Pedal-assisted electric bikes are all the rage now, with rentable versions popping up all over Arizona. They give you an extra push for your pedaling, making long distance rides a lot easier — as long as you keep your battery charged. They’re a little heavier than traditional bikes but can easily go 20-30 mph. Are they safe?

Not without a helmet and some time to practice, at least. And sometimes helmets are not provided by ride-sharing services or even bike rental shops.

Moreover, they aren’t quite the same as traditional bikes, in ways that matter. For one thing, they’re heavier and take more effort and room to slow down. For another, they speed up more quickly, which can jolt an inexperienced rider. And finally, that 20-30 mph speed can cause more serious injuries than you may expect.

E-bikes cause greater rates of hospitalization than standard bikes

A recent study in the journal Injury Prevention indicates that e-bike injuries are indeed more serious, on average, than traditional bike injuries. The researchers, from New York University’s School of Medicine, pored through a national database of emergency room visits. They were looking for accidents on standard bikes, motorized scooters and e-bikes that took place between 2000 and 2017.

There were plenty to find. When it came to traditional bikes, more than nine million people were injured during the study period. By contrast, only 140,000 were injured on motorized scooters and around 3,000 on e-bikes, which were not very common during the early years of the study. Of the three types, e-bike injuries tended to be the most severe and most likely to need hospitalization.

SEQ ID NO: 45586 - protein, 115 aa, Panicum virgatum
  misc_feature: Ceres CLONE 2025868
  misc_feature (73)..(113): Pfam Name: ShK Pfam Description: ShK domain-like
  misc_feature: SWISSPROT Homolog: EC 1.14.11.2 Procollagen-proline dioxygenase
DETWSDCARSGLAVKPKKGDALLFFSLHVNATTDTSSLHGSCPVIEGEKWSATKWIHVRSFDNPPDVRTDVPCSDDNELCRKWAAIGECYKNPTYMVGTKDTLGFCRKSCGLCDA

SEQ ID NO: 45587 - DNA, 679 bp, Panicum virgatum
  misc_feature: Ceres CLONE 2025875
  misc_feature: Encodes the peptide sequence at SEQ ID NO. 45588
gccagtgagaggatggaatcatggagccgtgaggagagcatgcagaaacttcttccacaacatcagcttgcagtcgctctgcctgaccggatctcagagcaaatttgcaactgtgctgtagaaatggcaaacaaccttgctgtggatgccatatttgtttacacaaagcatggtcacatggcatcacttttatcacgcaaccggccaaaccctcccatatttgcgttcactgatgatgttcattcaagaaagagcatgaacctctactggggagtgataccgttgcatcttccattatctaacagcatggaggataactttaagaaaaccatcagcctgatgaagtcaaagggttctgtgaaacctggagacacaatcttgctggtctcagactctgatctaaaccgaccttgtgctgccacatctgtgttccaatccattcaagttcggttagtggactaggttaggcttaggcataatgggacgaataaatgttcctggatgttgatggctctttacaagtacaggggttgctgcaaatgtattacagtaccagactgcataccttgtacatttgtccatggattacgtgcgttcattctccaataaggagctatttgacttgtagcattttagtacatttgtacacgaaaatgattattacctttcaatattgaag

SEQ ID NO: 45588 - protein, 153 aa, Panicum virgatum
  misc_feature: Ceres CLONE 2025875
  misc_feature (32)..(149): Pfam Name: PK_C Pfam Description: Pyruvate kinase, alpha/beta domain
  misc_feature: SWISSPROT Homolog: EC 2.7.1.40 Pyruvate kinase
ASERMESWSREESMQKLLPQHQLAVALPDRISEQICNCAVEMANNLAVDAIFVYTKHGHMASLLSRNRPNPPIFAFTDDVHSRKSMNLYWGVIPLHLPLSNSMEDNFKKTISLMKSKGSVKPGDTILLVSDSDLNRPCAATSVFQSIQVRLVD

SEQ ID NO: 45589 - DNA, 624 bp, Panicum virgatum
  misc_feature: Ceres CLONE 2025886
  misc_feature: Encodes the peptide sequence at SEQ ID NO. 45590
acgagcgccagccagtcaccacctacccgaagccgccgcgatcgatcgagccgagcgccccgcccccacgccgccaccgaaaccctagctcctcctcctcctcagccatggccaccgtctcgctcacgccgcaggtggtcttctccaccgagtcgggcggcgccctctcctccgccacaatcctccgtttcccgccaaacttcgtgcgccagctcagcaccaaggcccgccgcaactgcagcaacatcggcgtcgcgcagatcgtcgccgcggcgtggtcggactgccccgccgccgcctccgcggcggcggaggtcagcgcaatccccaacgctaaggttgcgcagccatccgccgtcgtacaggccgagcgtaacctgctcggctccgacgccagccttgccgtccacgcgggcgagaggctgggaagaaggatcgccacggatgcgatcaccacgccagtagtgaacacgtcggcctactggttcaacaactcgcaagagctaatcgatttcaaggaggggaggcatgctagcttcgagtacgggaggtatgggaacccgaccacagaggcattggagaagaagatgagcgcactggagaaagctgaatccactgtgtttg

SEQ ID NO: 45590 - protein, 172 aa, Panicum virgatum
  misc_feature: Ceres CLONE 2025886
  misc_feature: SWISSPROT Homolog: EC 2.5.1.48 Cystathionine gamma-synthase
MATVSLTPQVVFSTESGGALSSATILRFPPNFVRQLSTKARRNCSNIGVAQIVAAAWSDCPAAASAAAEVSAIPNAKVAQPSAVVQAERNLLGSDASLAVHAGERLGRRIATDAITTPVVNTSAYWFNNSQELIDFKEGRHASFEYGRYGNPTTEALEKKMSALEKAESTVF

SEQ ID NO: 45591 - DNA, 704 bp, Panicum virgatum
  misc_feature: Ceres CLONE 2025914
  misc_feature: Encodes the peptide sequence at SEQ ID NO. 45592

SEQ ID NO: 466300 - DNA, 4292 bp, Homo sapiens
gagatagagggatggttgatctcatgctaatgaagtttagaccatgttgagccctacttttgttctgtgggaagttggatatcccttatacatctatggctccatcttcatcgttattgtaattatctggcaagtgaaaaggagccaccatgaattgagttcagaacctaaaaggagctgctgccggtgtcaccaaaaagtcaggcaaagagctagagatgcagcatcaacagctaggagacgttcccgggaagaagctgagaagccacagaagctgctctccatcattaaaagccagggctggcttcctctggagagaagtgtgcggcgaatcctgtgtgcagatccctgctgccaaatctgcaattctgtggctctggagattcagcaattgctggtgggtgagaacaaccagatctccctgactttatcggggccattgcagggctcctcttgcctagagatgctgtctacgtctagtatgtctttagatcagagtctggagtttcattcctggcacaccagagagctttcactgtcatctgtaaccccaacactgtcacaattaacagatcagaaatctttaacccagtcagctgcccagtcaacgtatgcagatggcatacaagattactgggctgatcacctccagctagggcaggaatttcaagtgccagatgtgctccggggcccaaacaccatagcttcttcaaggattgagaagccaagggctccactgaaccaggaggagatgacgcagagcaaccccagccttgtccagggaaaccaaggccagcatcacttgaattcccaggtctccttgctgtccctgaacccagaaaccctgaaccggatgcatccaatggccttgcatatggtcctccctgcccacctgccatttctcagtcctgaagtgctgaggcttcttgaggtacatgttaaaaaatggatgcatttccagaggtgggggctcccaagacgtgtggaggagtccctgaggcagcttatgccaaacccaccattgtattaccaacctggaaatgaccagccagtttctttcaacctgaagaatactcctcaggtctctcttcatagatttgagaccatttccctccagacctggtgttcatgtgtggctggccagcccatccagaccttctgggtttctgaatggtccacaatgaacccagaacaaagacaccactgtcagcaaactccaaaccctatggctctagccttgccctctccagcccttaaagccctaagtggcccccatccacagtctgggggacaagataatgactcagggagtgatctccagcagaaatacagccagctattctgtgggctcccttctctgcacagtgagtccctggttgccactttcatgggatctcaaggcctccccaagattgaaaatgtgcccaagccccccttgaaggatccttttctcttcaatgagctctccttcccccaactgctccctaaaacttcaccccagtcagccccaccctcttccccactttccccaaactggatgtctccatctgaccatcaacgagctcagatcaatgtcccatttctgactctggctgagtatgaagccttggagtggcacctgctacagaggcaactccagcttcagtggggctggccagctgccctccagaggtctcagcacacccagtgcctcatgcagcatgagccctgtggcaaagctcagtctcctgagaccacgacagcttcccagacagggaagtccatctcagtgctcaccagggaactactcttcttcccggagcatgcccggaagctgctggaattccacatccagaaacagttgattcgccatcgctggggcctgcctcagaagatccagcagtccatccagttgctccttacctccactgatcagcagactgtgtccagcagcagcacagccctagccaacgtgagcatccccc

The obvious reason is the increased speed. Being in a crash at a greater speed generally causes more serious injuries. However, the study wasn’t able to confirm that speed was the main issue.

Another issue was the riders’ familiarity with e-bikes. People under 18 were initially the earlier adopters of e-bikes, and that seems to have been clear from the study. When it came to the earliest years of the study, it was those under 18 who were involved in the most accidents.

As time went on, however, fewer young people crashed. Then, the most e-bike crashes were among people between the ages of 45 and 65. This might indicate that crash risk drops noticeably as riders become more experienced.

Perhaps don’t take one out on an impulse

As e-bikes become more ubiquitous on our roadways, it’s only natural that more people will be injured. You can reduce the severity of any potential accidents by wearing a helmet, following all traffic rules, avoiding driving drunk and, perhaps most important, familiarizing yourself with the e-bike.

  • Thoroughly inspect your rented e-bike to ensure the brakes and other systems work
  • Start with the lowest assistance setting to get used to the extra push
  • Be aware that you can go faster than you probably could
  • Know that it takes longer to slow an e-bike down
  • Practice in a closed parking lot

If you do run into trouble, you may wonder if it is entirely your fault. You should be concerned. As motorized scooters rolled out, there were a lot of injuries — and some of these were caused by defective or poorly maintained scooters. The same caution should be taken when it comes to e-bikes.

To be safest, you will need some time to practice and get used to an e-bike, so you shouldn’t assume it’s safe to take one out without notice. Once you’ve gotten used to the extra power, ride safely!